College bowl games are all about money — for sponsors, advertisers, television, university athletic departments, coaches — everybody except players (the players claim, anyway.)
Decades ago, bowl games featured top teams playing other top teams. No more. This year, there are 35 bowl games. Of the participating teams, seven had a .500 regular-season record — as many losses as wins. Another seven had .500 records in their conferences. And ten actually had losing records in their conferences, including Texas Tech, to play the National University Holiday Bowl on December 30 in San Diego; Texas Tech had a 4-5 record in the Big 12.
Of the 35 games, 31 will be televised by ESPN or an affiliate (ESPN2 or ESPNU). Almost all of the games have the name of a company in front — Buffalo Wild Wings Bowl, Bell Helicopter Armed Forces Bowl, AdvoCare V100 Bowl, GoDaddy Bowl, BBVA Compass Bowl, New Era Pinstripe Bowl, Gildan New Mexico Bowl, Royal Purple Las Vegas Bowl, R+L Carriers New Orleans Bowl, Beef O'Brady's Bowl, Sheraton Hawaii Bowl, San Diego County Credit Union Poinsettia Bowl, Belk Bowl, Franklin American Mortgage Music City Bowl, Valero Alamo Bowl, Hyundai Sun Bowl, National University Holiday Bowl, AutoZone Liberty Bowl, Taxslayer.com Gator Bowl — ad nauseam. The national championship on January 6 is the Vizio BCS National Championship.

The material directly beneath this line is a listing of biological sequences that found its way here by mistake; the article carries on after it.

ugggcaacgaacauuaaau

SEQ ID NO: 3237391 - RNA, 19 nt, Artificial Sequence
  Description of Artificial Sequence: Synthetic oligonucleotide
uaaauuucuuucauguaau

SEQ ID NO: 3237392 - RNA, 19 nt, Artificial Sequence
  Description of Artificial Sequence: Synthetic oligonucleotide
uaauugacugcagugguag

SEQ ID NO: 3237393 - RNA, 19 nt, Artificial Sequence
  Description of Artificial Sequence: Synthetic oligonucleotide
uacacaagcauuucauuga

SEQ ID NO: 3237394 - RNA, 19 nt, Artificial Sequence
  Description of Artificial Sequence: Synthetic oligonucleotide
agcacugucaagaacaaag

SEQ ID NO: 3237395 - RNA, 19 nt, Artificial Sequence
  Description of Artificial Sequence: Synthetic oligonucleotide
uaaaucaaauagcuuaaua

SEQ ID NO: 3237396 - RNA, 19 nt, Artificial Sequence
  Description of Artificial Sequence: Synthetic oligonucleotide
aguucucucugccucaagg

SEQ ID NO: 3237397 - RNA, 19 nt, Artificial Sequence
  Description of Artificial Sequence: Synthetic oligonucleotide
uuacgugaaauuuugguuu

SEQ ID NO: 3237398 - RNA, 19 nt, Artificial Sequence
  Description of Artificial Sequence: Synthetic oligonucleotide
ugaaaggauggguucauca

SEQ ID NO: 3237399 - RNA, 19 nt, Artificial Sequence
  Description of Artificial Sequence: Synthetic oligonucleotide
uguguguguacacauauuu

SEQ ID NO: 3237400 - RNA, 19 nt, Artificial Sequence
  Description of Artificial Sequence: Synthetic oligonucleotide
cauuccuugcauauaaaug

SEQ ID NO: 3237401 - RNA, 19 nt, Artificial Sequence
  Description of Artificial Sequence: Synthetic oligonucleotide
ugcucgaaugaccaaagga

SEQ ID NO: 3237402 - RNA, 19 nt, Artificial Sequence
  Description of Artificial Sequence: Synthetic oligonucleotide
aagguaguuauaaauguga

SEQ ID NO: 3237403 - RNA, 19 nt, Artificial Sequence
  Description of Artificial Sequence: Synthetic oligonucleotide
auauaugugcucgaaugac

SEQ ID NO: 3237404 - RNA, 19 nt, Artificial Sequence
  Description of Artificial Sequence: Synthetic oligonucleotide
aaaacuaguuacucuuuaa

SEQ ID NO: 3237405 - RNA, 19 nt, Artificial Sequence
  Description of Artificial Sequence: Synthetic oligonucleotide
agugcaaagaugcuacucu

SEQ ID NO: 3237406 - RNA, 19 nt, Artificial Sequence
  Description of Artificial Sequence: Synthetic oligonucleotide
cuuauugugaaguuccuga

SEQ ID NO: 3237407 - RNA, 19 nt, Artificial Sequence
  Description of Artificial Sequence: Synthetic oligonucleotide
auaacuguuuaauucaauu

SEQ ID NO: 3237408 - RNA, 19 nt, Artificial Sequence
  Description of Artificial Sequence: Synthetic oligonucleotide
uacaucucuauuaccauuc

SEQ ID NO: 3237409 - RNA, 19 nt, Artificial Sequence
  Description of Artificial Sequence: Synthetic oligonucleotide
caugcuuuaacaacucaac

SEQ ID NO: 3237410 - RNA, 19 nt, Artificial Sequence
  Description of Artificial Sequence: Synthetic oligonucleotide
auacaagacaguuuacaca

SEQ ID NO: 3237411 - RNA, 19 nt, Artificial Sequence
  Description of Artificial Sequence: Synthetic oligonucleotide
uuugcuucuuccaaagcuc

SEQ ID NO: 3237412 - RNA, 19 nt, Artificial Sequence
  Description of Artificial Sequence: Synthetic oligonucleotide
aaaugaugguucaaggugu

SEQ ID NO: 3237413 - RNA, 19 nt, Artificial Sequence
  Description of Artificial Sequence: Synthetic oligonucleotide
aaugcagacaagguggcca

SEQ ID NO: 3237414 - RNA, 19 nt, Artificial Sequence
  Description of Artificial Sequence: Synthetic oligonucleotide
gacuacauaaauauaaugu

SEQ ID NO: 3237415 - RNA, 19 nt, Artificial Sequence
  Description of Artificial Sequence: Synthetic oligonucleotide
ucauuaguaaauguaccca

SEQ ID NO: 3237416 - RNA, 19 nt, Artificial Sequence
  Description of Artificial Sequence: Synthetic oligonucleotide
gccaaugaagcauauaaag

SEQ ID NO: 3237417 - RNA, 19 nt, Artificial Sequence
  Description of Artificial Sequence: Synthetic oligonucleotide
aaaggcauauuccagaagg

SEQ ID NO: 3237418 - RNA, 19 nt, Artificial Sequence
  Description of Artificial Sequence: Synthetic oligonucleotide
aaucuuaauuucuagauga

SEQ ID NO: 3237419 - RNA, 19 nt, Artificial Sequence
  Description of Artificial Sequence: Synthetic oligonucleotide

Oh, yes. The Little Caesars Bowl is named after the pizza company founded by Detroit's Ilitch family, which owns a casino in downtown Detroit and the Detroit Red Wiings hockey team, which is getting a fat public subsidy for an arena despite the city's bankruptcy. That bowl features the University of Pittsburgh, which had a .500 regular-season record and a 3-5 record in its conference.